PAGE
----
Format:Paperback
All in all, this is an interesting and useful scholarly collection of articles. Most of the texts discussed in the articles originated in China (though their reception in Japan and to a lesser degree Korea is not neglected), so a more appropriate title may have been "The Chan Canon" but okay. The claim that the volume includes "learned yet accessible studies" is either deliberately misleading or else, as I suspect, the editors and contributors have been at this biz too long. Undoubtedly learned, yes, but these articles assume a great store of prior familiarity with the Chan/Zen tradition and its history and dive straight into the dry, nitty-gritty textual details; I suspect from personal experience that even the long-time Zen student/scholar will frequently find this book challenging and/or a strain on the attention span. The work is worth it, but don't tackle this little tome lightly.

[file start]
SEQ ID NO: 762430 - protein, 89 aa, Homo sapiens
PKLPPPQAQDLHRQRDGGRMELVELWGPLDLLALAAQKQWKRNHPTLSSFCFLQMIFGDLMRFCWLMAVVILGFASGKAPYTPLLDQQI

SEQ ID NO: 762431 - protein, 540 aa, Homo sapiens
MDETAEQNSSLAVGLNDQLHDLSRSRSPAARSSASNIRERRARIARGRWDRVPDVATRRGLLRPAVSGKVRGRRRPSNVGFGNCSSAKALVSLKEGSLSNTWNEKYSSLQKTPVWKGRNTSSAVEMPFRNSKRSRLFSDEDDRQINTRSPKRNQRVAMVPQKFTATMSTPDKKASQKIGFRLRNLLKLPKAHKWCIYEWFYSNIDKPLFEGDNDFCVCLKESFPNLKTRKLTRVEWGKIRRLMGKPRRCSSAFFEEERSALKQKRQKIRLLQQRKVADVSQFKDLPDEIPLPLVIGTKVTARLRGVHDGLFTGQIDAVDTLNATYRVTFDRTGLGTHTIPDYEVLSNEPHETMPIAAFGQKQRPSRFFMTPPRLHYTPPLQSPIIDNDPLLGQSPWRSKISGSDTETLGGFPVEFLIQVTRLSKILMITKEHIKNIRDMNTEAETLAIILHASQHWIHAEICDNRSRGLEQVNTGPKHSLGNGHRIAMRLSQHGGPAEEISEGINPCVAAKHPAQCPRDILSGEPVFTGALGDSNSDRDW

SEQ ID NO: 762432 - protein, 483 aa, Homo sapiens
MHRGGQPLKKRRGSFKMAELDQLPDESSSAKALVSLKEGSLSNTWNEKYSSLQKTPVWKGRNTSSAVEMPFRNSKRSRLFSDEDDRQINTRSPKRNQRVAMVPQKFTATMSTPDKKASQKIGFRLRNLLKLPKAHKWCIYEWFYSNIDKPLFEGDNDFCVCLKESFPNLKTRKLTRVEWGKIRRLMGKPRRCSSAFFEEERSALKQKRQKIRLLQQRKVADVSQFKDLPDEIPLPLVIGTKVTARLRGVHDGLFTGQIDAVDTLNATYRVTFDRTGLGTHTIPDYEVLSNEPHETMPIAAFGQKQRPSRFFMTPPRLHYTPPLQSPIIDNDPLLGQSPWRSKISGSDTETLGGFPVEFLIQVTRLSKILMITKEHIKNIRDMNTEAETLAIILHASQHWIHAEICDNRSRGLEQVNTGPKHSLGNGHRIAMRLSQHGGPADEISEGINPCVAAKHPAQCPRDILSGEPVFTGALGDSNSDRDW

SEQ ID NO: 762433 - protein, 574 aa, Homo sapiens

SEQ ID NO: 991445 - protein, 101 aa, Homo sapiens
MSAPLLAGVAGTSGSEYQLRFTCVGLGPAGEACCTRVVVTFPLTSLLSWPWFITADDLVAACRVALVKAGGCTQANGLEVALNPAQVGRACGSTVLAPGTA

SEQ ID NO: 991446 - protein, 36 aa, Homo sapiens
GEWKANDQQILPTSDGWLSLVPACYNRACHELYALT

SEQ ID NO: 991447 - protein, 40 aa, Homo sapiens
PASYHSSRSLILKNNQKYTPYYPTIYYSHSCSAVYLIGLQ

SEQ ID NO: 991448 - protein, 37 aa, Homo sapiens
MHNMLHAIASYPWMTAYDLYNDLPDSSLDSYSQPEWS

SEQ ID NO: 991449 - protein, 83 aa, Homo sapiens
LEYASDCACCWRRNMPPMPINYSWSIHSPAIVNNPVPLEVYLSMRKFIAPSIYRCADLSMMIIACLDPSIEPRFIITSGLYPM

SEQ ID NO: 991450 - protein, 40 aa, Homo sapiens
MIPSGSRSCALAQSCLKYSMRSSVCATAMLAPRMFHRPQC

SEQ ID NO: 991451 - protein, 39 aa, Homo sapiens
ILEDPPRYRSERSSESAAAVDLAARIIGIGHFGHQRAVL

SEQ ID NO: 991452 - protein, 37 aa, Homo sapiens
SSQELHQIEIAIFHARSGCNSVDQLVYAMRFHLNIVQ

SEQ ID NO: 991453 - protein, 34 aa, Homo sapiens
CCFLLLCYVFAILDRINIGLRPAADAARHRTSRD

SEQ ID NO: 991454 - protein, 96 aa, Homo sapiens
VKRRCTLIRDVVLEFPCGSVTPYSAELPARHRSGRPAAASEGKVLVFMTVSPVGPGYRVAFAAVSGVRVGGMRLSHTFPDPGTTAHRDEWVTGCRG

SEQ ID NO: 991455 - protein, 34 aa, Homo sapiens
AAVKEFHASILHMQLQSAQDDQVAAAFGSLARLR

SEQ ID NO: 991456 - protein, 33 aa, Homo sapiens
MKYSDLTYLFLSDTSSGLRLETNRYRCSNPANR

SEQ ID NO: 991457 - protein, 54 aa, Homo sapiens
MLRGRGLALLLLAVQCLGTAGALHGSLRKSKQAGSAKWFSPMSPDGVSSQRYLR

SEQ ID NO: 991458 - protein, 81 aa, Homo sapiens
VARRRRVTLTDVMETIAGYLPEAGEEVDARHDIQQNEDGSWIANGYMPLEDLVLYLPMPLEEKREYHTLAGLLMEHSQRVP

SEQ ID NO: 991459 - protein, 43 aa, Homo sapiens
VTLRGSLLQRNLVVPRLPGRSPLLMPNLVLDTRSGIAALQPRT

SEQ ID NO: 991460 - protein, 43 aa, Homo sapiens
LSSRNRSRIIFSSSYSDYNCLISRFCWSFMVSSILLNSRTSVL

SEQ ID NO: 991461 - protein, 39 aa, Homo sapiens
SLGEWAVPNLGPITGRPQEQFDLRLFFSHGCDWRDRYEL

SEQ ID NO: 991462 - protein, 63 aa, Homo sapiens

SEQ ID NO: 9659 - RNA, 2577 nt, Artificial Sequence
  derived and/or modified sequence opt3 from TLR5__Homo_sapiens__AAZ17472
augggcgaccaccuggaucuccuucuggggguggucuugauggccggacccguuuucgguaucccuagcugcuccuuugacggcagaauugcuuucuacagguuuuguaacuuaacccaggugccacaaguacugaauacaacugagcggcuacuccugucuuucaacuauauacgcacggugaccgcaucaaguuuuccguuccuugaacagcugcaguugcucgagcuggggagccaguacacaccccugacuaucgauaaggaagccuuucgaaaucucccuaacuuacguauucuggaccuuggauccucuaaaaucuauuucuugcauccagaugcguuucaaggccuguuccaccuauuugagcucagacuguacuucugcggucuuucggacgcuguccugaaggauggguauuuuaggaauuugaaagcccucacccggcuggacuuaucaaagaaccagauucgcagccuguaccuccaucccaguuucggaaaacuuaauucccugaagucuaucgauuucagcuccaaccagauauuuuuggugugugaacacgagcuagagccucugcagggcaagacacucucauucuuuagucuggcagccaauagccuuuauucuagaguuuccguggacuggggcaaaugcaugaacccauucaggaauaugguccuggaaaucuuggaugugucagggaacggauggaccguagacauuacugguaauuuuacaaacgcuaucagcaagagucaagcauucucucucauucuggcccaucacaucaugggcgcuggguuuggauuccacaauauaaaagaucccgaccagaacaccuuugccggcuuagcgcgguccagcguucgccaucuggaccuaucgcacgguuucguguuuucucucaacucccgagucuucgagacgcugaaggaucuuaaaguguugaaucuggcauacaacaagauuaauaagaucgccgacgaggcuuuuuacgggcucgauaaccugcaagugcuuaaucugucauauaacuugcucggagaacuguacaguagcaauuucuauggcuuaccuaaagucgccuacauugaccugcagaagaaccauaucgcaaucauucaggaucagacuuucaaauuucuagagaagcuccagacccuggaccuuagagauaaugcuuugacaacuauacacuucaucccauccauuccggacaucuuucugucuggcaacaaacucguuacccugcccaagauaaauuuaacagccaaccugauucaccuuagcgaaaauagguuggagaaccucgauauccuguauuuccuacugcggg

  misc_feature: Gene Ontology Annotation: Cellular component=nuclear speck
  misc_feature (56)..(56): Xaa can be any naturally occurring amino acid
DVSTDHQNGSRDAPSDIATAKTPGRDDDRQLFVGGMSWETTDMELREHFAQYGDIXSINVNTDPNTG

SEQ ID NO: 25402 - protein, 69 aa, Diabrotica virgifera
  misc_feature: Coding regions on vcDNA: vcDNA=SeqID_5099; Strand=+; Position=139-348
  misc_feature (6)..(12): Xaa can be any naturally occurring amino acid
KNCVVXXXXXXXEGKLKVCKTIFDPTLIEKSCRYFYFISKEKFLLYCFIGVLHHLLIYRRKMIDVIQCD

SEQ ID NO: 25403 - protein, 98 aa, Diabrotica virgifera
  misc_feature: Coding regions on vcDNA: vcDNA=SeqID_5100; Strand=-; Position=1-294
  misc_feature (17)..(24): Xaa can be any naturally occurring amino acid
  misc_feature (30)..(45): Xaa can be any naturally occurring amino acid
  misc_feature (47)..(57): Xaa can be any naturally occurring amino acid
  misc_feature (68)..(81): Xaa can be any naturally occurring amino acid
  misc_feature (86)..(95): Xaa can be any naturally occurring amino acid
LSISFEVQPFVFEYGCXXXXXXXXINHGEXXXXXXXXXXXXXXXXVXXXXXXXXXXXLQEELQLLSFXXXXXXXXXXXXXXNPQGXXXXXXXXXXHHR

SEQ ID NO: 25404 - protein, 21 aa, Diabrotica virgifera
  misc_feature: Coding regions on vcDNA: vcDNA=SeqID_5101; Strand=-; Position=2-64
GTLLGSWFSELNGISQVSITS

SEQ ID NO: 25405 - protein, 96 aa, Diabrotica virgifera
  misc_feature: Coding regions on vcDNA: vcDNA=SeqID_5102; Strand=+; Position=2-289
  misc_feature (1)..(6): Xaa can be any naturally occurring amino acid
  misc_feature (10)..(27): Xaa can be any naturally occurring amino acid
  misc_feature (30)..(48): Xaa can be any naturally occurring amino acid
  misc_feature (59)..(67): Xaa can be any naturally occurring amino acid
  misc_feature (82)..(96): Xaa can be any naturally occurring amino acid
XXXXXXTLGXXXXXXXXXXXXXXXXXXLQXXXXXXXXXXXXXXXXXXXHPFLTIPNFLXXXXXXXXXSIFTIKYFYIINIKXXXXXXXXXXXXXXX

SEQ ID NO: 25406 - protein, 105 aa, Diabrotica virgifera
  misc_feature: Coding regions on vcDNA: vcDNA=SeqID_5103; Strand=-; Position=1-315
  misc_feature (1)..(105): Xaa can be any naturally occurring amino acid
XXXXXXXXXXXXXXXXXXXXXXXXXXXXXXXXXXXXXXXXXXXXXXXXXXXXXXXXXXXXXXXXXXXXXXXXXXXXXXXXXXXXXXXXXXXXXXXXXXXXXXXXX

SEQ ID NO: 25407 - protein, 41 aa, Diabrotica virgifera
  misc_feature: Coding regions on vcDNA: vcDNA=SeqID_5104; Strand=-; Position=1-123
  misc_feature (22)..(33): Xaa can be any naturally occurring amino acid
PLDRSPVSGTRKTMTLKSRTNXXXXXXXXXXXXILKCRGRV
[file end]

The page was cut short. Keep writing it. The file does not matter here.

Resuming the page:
My primary gripe with the book is this...Given the specialized, academic nature of the contents, it is utterly ridiculous that this book nowhere includes the Chinese characters for all the names, titles, and terms within--put them in parentheses after the transliterated version or put them at the end in a character glossary, I don't care, but put them somewhere. There were several spots where these would have been especially helpful.
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3 of 20 people found the following review helpful
3.0 out of 5 stars Zen? Nothing to it. November 6, 2006
Format:Paperback
I lived in Europe for a number of years and one of my closest friends was a 'zen'monk. He would say..'Wolff, so many books in the west on Zen..Enlightenment..having made the leap.... They never speak about those that did not make it to the other side..went crazy. This book is no better or worse than the myriad of writings on this subject. To have a better understanding on the writing on the writings(almost all writing for the west is translation, and that is a big problem in itself.), I might recommend BUDDHIST HERMENEUTICS(Retrieval of meaning, especially from a text)Donald S. Lopez, Jr.